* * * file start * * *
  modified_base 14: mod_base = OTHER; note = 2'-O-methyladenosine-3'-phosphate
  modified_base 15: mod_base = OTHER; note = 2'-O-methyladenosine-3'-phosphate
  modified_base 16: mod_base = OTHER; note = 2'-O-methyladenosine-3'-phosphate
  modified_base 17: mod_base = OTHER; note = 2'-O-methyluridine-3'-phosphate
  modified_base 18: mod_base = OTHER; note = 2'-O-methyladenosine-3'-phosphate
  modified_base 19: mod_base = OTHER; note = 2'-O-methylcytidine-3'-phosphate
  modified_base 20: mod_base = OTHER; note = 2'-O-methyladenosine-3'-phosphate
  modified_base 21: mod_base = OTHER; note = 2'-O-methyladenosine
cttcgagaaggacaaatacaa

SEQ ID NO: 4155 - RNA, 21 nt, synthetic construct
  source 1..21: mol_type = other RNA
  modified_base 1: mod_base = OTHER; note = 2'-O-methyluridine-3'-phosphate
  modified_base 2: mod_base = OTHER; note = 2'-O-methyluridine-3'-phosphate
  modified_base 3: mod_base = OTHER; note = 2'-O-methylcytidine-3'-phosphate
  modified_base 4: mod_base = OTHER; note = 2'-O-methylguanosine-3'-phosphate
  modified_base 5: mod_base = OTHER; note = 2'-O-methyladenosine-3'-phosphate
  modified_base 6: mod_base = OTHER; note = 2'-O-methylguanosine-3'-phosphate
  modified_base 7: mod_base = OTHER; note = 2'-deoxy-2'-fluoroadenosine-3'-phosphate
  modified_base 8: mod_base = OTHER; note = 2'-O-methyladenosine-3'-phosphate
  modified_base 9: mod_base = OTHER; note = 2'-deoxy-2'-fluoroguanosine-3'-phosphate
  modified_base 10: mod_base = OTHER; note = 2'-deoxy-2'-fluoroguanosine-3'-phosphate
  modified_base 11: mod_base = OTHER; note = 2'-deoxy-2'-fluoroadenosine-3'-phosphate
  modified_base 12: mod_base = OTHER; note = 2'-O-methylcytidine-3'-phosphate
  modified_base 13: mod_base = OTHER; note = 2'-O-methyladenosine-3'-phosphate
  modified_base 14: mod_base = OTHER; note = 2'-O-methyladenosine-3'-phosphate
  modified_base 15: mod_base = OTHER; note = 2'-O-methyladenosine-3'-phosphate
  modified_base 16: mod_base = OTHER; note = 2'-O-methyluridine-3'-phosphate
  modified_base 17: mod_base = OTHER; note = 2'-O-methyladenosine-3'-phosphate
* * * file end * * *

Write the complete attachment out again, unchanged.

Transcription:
  modified_base 14: mod_base = OTHER; note = 2'-O-methyladenosine-3'-phosphate
  modified_base 15: mod_base = OTHER; note = 2'-O-methyladenosine-3'-phosphate
  modified_base 16: mod_base = OTHER; note = 2'-O-methyladenosine-3'-phosphate
  modified_base 17: mod_base = OTHER; note = 2'-O-methyluridine-3'-phosphate
  modified_base 18: mod_base = OTHER; note = 2'-O-methyladenosine-3'-phosphate
  modified_base 19: mod_base = OTHER; note = 2'-O-methylcytidine-3'-phosphate
  modified_base 20: mod_base = OTHER; note = 2'-O-methyladenosine-3'-phosphate
  modified_base 21: mod_base = OTHER; note = 2'-O-methyladenosine
cttcgagaaggacaaatacaa

SEQ ID NO: 4155 - RNA, 21 nt, synthetic construct
  source 1..21: mol_type = other RNA
  modified_base 1: mod_base = OTHER; note = 2'-O-methyluridine-3'-phosphate
  modified_base 2: mod_base = OTHER; note = 2'-O-methyluridine-3'-phosphate
  modified_base 3: mod_base = OTHER; note = 2'-O-methylcytidine-3'-phosphate
  modified_base 4: mod_base = OTHER; note = 2'-O-methylguanosine-3'-phosphate
  modified_base 5: mod_base = OTHER; note = 2'-O-methyladenosine-3'-phosphate
  modified_base 6: mod_base = OTHER; note = 2'-O-methylguanosine-3'-phosphate
  modified_base 7: mod_base = OTHER; note = 2'-deoxy-2'-fluoroadenosine-3'-phosphate
  modified_base 8: mod_base = OTHER; note = 2'-O-methyladenosine-3'-phosphate
  modified_base 9: mod_base = OTHER; note = 2'-deoxy-2'-fluoroguanosine-3'-phosphate
  modified_base 10: mod_base = OTHER; note = 2'-deoxy-2'-fluoroguanosine-3'-phosphate
  modified_base 11: mod_base = OTHER; note = 2'-deoxy-2'-fluoroadenosine-3'-phosphate
  modified_base 12: mod_base = OTHER; note = 2'-O-methylcytidine-3'-phosphate
  modified_base 13: mod_base = OTHER; note = 2'-O-methyladenosine-3'-phosphate
  modified_base 14: mod_base = OTHER; note = 2'-O-methyladenosine-3'-phosphate
  modified_base 15: mod_base = OTHER; note = 2'-O-methyladenosine-3'-phosphate
  modified_base 16: mod_base = OTHER; note = 2'-O-methyluridine-3'-phosphate
  modified_base 17: mod_base = OTHER; note = 2'-O-methyladenosine-3'-phosphate